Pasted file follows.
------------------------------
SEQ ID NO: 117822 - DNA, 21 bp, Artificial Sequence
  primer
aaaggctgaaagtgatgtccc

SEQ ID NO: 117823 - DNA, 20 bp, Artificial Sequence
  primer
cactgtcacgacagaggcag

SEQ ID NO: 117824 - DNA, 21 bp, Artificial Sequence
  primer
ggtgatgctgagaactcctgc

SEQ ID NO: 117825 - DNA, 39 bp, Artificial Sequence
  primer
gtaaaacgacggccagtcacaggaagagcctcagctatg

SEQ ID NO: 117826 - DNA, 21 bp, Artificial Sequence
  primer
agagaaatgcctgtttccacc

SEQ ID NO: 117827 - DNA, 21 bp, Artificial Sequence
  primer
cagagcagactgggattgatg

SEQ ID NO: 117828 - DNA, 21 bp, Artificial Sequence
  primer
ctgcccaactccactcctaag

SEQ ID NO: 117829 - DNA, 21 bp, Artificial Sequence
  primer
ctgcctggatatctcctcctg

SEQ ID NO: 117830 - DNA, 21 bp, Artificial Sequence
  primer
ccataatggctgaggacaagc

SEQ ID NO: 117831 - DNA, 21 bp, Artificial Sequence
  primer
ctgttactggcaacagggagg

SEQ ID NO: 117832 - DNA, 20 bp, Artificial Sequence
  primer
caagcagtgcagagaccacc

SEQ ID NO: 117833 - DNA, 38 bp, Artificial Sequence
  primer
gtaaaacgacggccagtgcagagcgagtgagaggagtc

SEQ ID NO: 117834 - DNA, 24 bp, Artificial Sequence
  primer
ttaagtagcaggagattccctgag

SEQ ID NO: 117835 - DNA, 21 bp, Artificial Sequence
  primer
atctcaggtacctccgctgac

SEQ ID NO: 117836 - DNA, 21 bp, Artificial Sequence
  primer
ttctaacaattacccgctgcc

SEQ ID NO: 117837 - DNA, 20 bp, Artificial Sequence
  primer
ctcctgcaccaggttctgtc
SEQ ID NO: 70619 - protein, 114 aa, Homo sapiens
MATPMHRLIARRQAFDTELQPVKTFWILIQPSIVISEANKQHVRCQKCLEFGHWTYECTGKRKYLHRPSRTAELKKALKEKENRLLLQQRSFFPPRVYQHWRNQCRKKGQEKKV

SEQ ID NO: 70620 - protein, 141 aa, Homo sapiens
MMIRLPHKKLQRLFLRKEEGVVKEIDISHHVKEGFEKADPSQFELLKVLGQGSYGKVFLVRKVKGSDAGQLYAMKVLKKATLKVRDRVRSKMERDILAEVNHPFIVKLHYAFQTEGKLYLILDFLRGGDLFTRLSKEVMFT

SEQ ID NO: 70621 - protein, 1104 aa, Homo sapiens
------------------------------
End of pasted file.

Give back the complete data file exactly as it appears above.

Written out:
SEQ ID NO: 117822 - DNA, 21 bp, Artificial Sequence
  primer
aaaggctgaaagtgatgtccc

SEQ ID NO: 117823 - DNA, 20 bp, Artificial Sequence
  primer
cactgtcacgacagaggcag

SEQ ID NO: 117824 - DNA, 21 bp, Artificial Sequence
  primer
ggtgatgctgagaactcctgc

SEQ ID NO: 117825 - DNA, 39 bp, Artificial Sequence
  primer
gtaaaacgacggccagtcacaggaagagcctcagctatg

SEQ ID NO: 117826 - DNA, 21 bp, Artificial Sequence
  primer
agagaaatgcctgtttccacc

SEQ ID NO: 117827 - DNA, 21 bp, Artificial Sequence
  primer
cagagcagactgggattgatg

SEQ ID NO: 117828 - DNA, 21 bp, Artificial Sequence
  primer
ctgcccaactccactcctaag

SEQ ID NO: 117829 - DNA, 21 bp, Artificial Sequence
  primer
ctgcctggatatctcctcctg

SEQ ID NO: 117830 - DNA, 21 bp, Artificial Sequence
  primer
ccataatggctgaggacaagc

SEQ ID NO: 117831 - DNA, 21 bp, Artificial Sequence
  primer
ctgttactggcaacagggagg

SEQ ID NO: 117832 - DNA, 20 bp, Artificial Sequence
  primer
caagcagtgcagagaccacc

SEQ ID NO: 117833 - DNA, 38 bp, Artificial Sequence
  primer
gtaaaacgacggccagtgcagagcgagtgagaggagtc

SEQ ID NO: 117834 - DNA, 24 bp, Artificial Sequence
  primer
ttaagtagcaggagattccctgag

SEQ ID NO: 117835 - DNA, 21 bp, Artificial Sequence
  primer
atctcaggtacctccgctgac

SEQ ID NO: 117836 - DNA, 21 bp, Artificial Sequence
  primer
ttctaacaattacccgctgcc

SEQ ID NO: 117837 - DNA, 20 bp, Artificial Sequence
  primer
ctcctgcaccaggttctgtc
SEQ ID NO: 70619 - protein, 114 aa, Homo sapiens
MATPMHRLIARRQAFDTELQPVKTFWILIQPSIVISEANKQHVRCQKCLEFGHWTYECTGKRKYLHRPSRTAELKKALKEKENRLLLQQRSFFPPRVYQHWRNQCRKKGQEKKV

SEQ ID NO: 70620 - protein, 141 aa, Homo sapiens
MMIRLPHKKLQRLFLRKEEGVVKEIDISHHVKEGFEKADPSQFELLKVLGQGSYGKVFLVRKVKGSDAGQLYAMKVLKKATLKVRDRVRSKMERDILAEVNHPFIVKLHYAFQTEGKLYLILDFLRGGDLFTRLSKEVMFT

SEQ ID NO: 70621 - protein, 1104 aa, Homo sapiens